Local band The Rum and The Sea plays at Silver Moon tonight. I wrote a little blurb about them in Friday’s paper (look to the right, under “Highlights”), but when I saw the cool poster for their gig, I had to add it to our archive. The art is by Dale Jamison, who, according to the band, does lots of drawings for local roller derby teams.
Posts Tagged ‘The Rum and The Sea’
Saturday, October 20th, 2012
Friday, October 19th, 2012
When we were discussing what to put on the cover of today’s GO! Magazine, I mentioned tonight’s Macklemore & Ryan Lewis show at Midtown Ballroom and told my coworkers this: We get a lot of has-beens and not-yets and never-will-bes in this town, but it’s not that often we have an artist come through at the very same moment that they’re the hottest story in music. Tonight is one of those times. Macklemore – aka Ben Haggerty from Seattle – is in his moment.
Tonight, Macklemore & Ryan Lewis will rock a sold-out Midtown Ballroom. I wrote about their current wave of success and their new album “The Heist,” but focused on the best, most important song on that album, “Same Love.” Here’s an excerpt.
In it, Haggerty tackles the topic head on, ignoring a long-held taboo in hip-hop. He lays out his own stereotypes about homosexuality, decries the casual use of “gay” as a synonym for “bad” in our culture, calls out his own genre for looking the other way and, along the way, weaves in commentary on politics and religion. Seattle vocalist Mary Lambert ably sings the beautiful hook: “I can’t change/ Even if I wanted to,” which is lifted from one of Lambert’s own songs.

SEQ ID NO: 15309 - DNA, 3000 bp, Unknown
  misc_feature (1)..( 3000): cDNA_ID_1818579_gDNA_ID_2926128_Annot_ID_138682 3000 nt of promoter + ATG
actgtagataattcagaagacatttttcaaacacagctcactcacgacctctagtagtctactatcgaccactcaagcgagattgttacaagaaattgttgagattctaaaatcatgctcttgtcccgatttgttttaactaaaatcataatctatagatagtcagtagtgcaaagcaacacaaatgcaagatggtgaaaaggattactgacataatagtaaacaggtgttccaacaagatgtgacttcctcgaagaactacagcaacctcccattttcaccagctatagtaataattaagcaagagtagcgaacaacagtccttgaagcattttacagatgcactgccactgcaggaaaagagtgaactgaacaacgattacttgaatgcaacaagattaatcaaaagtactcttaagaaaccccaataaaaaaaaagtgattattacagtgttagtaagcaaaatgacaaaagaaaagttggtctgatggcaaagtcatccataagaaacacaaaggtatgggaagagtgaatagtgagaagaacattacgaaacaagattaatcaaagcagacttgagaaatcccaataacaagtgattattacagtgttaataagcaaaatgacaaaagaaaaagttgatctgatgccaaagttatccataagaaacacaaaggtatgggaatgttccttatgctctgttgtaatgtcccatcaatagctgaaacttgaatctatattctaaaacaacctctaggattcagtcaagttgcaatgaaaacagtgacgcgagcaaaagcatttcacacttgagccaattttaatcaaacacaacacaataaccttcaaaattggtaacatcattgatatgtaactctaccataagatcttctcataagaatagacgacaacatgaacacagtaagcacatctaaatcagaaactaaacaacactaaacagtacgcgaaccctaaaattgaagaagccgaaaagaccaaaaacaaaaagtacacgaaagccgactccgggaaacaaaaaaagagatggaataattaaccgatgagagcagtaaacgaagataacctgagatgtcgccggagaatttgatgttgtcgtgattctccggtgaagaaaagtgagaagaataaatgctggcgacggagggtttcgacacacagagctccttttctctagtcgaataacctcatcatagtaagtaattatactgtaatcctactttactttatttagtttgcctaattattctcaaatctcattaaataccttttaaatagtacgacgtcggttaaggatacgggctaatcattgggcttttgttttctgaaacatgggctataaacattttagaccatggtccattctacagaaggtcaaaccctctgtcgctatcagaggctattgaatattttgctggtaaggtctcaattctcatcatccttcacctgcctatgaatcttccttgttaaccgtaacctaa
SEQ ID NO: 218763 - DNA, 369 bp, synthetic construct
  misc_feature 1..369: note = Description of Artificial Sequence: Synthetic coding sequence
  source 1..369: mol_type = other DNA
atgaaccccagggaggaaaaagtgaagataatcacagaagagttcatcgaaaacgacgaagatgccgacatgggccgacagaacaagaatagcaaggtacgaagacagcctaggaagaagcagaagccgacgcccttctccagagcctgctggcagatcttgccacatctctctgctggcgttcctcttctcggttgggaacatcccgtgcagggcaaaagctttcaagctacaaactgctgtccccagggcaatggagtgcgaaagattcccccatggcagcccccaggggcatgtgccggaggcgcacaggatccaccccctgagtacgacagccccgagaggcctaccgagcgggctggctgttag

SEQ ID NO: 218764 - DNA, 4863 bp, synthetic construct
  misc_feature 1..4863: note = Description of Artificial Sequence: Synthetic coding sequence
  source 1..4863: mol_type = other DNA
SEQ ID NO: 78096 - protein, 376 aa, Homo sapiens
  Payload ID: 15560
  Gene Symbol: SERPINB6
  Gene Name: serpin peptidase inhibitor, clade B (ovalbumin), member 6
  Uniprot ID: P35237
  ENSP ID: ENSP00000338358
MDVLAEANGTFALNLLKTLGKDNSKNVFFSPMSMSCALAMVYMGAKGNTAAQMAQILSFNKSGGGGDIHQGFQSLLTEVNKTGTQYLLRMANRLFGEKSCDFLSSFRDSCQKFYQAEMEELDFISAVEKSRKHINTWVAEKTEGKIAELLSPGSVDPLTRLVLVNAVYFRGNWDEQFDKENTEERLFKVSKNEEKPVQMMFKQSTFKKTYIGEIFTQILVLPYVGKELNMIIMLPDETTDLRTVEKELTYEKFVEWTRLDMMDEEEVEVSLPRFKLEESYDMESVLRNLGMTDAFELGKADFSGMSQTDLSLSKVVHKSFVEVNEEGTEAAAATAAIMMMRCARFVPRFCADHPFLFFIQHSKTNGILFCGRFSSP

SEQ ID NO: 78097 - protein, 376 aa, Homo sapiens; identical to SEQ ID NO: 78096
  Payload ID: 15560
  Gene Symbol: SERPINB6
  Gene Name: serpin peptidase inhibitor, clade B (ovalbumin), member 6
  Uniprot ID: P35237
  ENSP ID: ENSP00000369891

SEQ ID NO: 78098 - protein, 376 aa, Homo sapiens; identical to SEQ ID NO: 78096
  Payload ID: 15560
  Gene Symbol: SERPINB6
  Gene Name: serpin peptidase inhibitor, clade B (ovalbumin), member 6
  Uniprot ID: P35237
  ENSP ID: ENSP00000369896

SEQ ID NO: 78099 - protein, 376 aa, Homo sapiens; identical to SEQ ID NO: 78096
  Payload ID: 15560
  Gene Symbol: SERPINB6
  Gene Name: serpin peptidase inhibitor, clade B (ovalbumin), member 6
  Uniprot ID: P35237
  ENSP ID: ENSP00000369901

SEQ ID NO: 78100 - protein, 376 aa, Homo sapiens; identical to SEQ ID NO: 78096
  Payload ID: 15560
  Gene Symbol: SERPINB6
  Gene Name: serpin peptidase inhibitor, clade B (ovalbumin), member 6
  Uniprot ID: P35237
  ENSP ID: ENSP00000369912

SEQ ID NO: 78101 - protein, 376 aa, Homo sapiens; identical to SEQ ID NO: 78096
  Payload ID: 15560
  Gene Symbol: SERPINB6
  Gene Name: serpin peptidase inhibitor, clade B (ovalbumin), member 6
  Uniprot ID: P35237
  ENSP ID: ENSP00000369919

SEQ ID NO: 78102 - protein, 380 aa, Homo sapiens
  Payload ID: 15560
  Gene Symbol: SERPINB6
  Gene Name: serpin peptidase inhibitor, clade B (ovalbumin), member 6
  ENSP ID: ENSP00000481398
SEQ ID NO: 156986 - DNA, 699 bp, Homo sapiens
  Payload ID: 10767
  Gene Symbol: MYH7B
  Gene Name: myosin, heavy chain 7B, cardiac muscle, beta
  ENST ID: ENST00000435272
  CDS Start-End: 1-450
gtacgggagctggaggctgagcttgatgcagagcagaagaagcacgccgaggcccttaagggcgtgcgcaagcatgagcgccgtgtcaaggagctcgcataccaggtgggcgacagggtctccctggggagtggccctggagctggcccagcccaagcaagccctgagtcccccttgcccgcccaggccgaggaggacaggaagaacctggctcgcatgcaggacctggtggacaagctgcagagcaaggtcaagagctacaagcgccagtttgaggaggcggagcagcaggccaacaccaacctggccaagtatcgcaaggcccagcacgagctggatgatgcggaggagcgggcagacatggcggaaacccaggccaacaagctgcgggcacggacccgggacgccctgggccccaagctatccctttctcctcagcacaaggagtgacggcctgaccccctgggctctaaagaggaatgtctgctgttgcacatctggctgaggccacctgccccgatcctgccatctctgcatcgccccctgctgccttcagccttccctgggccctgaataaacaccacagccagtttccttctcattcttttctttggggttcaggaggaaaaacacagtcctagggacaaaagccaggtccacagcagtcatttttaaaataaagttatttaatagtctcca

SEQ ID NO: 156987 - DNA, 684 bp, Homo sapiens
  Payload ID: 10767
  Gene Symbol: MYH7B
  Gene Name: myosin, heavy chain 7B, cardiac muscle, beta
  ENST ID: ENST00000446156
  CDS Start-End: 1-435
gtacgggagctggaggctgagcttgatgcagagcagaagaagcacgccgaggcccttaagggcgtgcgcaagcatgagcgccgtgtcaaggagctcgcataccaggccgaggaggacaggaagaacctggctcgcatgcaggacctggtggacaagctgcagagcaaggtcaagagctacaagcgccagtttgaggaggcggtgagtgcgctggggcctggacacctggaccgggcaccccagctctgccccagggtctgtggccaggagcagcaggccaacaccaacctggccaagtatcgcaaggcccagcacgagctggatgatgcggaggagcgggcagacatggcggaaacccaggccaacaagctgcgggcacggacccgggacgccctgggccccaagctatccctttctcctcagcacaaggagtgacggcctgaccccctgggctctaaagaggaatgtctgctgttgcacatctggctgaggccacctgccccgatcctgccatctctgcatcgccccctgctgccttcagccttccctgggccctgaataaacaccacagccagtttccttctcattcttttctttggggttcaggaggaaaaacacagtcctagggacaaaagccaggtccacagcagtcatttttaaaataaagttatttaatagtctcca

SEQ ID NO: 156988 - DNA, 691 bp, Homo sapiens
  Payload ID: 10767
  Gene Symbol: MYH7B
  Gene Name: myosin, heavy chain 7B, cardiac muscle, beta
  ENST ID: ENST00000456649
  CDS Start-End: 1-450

Haggerty closes his third verse this way:
“I might not be the same
But that’s not important
No freedom till we’re equal
Damn right I support it.”
Whether or not you or I agree with Macklemore is not the point here, by the way. The point is to acknowledge the guy’s forever-place in a watershed summer for the heretofore odd couple of hip-hop and homosexuality.
I enjoyed writing this, and I hope you’ll read the whole thing.
Also tonight, the third Jazz at the Oxford series kicks off in Bend with a night of Portland blues. My colleague David Jasper spoke to iconic Oregon bluesman Curtis Salgado about his battles against cancer and how they’ve changed him as an artist.
“It’s scary because the older I get, the older I want to get. It’s scary because you don’t want to know how you’re going to die,” said Salgado, who saw his mother die of cancer. “Cancer is the ultimate predator. Cancer’s like a great white shark. It’s dangerous and fascinating at the same time.”
But, with no chemotherapy required, Salgado has been able to do what he’s done for decades: get back out on the road, this time in promotion of “Soul Shot,” his first all-soul album, which dropped April 10 on Alligator Records.
If there’s any plus to cancer, Salgado said, “It just fine tunes you into life, and what’s around you, and every moment. I used to want to fill a coliseum with people and win lots of Grammys and have a nice house on the McKenzie River, you know what I’m saying?”
Now, “I don’t care anymore,” he said. “I’m just very blessed to be here. I’m blessed to play my music with my friends, and play to people who are so nice to me. It’s like, look, man, I owe the universe.”